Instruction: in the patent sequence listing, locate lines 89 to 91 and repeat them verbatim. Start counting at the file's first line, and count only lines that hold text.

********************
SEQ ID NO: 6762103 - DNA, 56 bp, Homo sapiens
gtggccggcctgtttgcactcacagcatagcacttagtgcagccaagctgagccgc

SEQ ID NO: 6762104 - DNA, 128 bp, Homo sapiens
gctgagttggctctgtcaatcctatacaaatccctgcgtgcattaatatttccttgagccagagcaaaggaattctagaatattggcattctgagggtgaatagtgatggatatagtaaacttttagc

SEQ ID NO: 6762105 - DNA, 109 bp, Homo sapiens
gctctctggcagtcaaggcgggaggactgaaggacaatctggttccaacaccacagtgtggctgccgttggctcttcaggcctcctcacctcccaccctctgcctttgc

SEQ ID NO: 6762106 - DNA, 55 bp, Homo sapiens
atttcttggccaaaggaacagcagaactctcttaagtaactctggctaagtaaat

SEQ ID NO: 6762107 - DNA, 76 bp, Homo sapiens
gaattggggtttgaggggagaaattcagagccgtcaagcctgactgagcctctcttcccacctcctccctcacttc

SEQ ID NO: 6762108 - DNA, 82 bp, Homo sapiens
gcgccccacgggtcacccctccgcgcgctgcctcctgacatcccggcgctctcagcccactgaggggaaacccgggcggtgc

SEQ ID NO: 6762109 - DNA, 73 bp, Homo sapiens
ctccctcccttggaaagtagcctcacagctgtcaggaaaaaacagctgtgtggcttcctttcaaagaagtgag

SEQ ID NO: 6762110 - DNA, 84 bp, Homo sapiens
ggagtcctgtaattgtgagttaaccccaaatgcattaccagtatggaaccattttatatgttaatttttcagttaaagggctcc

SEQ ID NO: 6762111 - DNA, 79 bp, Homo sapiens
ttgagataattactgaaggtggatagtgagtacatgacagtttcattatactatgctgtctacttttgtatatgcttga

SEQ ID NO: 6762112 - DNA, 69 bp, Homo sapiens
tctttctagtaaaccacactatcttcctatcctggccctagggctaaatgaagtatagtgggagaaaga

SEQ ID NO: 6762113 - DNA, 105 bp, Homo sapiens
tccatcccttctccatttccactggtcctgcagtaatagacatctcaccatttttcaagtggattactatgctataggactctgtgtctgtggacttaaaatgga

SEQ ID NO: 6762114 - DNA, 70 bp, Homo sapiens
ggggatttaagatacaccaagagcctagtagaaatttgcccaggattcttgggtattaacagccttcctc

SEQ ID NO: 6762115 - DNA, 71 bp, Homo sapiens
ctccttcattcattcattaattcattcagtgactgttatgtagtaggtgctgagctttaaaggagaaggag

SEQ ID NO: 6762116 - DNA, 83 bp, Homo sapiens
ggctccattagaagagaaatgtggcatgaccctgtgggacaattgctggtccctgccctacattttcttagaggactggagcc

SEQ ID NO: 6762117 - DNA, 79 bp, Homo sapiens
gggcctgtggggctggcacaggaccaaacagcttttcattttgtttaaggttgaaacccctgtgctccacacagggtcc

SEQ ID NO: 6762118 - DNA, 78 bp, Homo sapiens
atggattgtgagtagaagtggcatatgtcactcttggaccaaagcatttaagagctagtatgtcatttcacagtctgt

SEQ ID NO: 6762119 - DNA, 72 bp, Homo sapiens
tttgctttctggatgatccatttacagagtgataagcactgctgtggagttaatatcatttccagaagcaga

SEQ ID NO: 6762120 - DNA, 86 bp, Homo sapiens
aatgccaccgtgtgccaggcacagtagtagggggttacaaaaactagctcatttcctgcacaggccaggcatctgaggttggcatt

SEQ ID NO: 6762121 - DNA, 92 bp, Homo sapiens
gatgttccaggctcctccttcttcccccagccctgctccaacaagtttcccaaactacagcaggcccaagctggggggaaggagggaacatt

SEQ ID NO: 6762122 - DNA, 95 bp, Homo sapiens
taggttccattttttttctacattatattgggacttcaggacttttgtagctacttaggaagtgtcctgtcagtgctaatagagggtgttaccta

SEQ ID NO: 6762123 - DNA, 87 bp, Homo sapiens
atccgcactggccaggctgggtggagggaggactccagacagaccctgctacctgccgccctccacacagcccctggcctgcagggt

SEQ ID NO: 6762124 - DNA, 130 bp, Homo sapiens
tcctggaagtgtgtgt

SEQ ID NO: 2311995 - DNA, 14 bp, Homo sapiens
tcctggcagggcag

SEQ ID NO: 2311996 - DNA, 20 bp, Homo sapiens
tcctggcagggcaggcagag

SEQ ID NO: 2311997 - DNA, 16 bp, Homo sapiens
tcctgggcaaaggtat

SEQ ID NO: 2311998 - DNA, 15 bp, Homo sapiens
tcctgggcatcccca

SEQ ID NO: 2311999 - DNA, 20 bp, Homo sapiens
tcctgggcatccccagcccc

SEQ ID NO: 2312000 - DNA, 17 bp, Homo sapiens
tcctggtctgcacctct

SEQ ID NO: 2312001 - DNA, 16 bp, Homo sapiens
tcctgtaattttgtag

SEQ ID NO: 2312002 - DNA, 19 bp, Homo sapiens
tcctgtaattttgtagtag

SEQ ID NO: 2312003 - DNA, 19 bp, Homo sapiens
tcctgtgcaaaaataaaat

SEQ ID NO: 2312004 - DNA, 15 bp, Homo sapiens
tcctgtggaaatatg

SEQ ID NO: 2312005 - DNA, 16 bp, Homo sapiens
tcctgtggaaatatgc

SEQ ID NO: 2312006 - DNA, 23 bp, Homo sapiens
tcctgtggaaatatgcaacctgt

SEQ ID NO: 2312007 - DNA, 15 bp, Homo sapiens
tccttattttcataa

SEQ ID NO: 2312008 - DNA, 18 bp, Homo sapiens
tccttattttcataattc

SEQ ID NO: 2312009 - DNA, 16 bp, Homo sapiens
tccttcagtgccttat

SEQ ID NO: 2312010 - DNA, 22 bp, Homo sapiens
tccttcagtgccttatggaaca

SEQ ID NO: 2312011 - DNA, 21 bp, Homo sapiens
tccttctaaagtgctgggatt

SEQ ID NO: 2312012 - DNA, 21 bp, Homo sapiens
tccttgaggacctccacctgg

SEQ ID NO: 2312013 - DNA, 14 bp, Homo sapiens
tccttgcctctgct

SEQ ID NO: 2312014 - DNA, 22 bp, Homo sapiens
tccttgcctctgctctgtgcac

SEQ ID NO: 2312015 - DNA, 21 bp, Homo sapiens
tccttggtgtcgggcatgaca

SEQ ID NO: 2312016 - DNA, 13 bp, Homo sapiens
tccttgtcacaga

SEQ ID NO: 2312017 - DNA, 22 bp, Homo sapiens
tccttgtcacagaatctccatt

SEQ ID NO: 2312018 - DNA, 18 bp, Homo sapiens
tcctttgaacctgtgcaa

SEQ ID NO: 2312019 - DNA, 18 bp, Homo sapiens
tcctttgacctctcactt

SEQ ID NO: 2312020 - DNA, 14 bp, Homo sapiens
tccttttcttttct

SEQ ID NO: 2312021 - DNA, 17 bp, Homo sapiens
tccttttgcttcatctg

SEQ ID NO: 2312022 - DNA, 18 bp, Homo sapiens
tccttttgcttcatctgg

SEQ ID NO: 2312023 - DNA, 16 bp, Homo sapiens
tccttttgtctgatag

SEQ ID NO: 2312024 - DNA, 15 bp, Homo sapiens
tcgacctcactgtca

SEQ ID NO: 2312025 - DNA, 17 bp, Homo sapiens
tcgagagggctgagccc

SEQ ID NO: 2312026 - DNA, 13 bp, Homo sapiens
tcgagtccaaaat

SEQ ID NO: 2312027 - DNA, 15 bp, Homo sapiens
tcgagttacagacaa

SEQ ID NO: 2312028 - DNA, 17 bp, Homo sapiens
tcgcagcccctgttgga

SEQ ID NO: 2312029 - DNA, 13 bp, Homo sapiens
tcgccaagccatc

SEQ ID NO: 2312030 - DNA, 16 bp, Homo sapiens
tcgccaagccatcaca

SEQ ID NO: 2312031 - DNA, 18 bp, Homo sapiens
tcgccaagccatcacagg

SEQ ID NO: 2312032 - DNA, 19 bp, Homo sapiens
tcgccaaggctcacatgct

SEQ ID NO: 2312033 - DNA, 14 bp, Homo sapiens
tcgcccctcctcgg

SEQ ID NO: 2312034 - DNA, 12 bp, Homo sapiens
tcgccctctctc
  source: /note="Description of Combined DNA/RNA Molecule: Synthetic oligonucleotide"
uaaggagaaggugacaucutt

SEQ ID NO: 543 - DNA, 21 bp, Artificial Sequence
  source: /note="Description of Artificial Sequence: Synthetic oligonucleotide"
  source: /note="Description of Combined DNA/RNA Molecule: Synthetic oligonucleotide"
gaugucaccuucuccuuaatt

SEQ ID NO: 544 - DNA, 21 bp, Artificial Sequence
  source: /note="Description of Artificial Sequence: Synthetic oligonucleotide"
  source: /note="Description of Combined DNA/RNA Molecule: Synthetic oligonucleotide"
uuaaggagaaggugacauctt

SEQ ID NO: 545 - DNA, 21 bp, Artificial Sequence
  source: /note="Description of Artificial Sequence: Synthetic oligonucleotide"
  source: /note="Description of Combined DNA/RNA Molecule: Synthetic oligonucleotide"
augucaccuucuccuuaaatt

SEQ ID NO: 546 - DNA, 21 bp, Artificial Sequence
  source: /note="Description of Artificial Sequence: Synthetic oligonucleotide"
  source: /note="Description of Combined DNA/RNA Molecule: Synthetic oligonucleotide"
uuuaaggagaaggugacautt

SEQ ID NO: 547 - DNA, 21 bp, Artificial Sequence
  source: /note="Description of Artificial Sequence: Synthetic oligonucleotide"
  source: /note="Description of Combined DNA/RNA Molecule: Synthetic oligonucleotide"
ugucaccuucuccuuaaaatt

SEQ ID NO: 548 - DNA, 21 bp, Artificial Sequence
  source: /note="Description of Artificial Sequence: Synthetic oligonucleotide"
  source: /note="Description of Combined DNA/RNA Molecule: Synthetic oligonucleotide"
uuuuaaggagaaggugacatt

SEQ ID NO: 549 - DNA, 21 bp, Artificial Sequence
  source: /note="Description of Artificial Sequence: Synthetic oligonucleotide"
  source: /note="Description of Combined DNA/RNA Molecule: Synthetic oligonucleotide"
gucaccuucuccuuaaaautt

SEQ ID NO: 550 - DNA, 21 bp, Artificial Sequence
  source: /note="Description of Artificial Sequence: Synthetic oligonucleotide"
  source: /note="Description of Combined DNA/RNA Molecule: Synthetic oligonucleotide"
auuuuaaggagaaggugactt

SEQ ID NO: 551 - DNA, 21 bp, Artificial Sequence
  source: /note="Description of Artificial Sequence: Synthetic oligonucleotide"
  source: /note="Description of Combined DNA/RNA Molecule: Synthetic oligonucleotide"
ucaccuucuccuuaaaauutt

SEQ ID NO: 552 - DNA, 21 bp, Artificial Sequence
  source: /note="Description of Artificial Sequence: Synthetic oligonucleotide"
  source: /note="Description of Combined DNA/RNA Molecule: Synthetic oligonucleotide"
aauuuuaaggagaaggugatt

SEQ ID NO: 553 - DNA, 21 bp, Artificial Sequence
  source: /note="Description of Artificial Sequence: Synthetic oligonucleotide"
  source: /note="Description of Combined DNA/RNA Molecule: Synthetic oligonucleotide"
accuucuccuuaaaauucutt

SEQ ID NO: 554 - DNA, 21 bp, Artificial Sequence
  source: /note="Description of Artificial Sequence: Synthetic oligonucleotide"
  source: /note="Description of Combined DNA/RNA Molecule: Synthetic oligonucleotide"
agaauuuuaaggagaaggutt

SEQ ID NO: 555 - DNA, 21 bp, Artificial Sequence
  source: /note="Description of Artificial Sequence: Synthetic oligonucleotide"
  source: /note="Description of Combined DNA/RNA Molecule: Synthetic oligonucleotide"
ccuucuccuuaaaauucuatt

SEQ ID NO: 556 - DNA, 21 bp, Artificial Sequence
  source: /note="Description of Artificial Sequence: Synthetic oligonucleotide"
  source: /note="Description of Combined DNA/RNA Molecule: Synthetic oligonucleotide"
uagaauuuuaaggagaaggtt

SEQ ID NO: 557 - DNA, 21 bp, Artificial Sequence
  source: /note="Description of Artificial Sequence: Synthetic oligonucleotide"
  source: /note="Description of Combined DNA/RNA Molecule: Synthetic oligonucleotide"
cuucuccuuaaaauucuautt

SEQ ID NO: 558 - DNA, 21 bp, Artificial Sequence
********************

SEQ ID NO: 2312017 - DNA, 22 bp, Homo sapiens
tccttgtcacagaatctccatt

SEQ ID NO: 2312018 - DNA, 18 bp, Homo sapiens